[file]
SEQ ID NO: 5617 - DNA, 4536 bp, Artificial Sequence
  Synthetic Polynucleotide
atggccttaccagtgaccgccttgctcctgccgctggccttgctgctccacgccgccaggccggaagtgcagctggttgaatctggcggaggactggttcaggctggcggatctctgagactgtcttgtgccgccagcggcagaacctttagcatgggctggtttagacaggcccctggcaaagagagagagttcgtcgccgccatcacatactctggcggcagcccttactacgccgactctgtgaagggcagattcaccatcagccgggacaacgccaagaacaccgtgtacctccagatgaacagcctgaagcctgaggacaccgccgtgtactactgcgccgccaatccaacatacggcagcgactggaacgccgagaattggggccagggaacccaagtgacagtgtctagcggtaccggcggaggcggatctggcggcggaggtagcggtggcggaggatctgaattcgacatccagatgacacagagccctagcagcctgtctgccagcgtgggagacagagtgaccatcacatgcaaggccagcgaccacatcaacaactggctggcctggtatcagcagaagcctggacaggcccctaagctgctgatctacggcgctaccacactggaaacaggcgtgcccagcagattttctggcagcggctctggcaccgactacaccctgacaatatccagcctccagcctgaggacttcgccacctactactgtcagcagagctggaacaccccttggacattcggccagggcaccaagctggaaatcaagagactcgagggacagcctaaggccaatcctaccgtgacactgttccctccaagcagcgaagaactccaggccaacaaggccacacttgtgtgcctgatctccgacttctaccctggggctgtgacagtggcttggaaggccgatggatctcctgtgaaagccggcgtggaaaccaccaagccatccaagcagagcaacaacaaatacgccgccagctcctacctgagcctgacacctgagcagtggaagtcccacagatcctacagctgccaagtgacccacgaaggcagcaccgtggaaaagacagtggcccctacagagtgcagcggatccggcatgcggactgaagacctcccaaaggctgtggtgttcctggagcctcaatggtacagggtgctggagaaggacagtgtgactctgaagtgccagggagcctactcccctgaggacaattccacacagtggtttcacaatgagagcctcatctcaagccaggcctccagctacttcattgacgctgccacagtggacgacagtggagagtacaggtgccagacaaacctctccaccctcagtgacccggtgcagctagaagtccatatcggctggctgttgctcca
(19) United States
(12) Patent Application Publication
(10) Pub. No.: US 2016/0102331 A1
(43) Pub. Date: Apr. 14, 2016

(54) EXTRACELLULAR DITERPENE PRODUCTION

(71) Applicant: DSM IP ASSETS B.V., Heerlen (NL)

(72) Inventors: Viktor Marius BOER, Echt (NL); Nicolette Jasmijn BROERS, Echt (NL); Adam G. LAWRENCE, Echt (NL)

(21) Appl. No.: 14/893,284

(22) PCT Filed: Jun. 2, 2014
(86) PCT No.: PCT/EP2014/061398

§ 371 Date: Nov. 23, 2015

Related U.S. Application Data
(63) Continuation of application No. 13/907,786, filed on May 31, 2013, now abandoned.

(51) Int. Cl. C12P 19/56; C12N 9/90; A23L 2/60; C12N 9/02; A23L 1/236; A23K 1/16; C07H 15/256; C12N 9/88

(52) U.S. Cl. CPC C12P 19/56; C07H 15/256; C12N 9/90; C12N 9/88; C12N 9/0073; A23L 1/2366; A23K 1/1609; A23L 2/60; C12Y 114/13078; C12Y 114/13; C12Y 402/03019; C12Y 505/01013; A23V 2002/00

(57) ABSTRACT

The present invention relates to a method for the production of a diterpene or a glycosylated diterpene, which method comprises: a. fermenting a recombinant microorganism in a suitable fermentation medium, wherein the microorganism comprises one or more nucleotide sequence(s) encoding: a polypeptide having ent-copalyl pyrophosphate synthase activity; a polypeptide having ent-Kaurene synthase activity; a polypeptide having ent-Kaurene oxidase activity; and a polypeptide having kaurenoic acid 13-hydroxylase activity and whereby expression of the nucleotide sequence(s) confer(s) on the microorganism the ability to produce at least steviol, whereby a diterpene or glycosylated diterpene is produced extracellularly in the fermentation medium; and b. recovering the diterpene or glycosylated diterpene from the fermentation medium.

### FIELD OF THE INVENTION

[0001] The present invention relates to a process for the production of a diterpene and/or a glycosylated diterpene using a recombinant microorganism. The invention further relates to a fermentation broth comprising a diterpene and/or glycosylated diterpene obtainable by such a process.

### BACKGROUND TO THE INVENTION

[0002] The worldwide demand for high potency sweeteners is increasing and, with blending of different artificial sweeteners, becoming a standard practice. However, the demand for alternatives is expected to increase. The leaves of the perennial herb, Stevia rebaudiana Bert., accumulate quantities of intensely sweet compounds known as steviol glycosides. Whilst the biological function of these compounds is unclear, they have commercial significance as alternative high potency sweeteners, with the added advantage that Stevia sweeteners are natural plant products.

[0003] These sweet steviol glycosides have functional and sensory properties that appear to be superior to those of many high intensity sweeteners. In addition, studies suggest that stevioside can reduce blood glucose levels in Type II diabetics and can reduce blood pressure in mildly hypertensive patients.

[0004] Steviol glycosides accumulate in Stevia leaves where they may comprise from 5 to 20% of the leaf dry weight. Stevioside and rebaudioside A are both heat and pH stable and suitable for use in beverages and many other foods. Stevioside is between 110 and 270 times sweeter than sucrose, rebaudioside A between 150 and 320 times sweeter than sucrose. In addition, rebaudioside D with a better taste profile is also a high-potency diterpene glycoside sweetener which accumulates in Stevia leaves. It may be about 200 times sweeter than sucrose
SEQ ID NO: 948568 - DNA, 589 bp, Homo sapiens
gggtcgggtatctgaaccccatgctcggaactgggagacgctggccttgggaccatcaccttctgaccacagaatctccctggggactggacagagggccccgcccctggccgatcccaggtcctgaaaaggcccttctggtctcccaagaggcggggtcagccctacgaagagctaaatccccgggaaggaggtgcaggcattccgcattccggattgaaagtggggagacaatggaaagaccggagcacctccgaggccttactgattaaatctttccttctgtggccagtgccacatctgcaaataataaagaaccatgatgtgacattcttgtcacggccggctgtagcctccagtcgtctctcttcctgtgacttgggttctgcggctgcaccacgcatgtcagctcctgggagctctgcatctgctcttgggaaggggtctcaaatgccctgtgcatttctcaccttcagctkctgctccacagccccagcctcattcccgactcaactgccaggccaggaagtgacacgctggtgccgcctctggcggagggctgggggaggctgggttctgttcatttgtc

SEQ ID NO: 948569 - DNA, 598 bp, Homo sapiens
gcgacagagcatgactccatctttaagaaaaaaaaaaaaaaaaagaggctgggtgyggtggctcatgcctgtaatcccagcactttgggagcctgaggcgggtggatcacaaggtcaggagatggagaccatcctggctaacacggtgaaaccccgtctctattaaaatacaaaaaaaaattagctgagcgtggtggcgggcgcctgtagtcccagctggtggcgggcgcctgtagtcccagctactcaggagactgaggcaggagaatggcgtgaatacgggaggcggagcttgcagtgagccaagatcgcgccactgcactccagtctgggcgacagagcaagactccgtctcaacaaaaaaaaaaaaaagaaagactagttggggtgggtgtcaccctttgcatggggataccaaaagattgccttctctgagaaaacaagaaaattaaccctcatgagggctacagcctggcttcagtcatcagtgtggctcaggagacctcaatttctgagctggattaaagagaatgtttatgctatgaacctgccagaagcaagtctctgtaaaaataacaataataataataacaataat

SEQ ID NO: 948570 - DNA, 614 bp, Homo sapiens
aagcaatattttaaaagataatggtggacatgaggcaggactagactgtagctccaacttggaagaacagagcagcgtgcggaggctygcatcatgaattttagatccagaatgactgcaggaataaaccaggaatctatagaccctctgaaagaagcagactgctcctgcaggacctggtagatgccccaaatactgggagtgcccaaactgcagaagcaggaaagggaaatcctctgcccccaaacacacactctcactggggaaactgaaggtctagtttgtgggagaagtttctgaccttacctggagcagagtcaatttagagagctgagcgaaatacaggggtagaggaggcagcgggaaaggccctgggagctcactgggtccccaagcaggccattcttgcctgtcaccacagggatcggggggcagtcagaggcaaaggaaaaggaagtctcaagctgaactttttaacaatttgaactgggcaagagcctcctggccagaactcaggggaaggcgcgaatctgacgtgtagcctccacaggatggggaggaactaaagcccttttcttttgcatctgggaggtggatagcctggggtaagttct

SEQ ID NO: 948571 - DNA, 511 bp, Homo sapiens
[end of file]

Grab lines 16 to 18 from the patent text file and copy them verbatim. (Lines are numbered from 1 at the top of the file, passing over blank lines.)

(63) Continuation of application No. 13/907,786, filed on May 31, 2013, now abandoned.

(51) Int. Cl. C12P 19/56; C12N 9/90; A23L 2/60; C12N 9/02; A23L 1/236; A23K 1/16; C07H 15/256; C12N 9/88

(52) U.S. Cl. CPC C12P 19/56; C07H 15/256; C12N 9/90; C12N 9/88; C12N 9/0073; A23L 1/2366; A23K 1/1609; A23L 2/60; C12Y 114/13078; C12Y 114/13; C12Y 402/03019; C12Y 505/01013; A23V 2002/00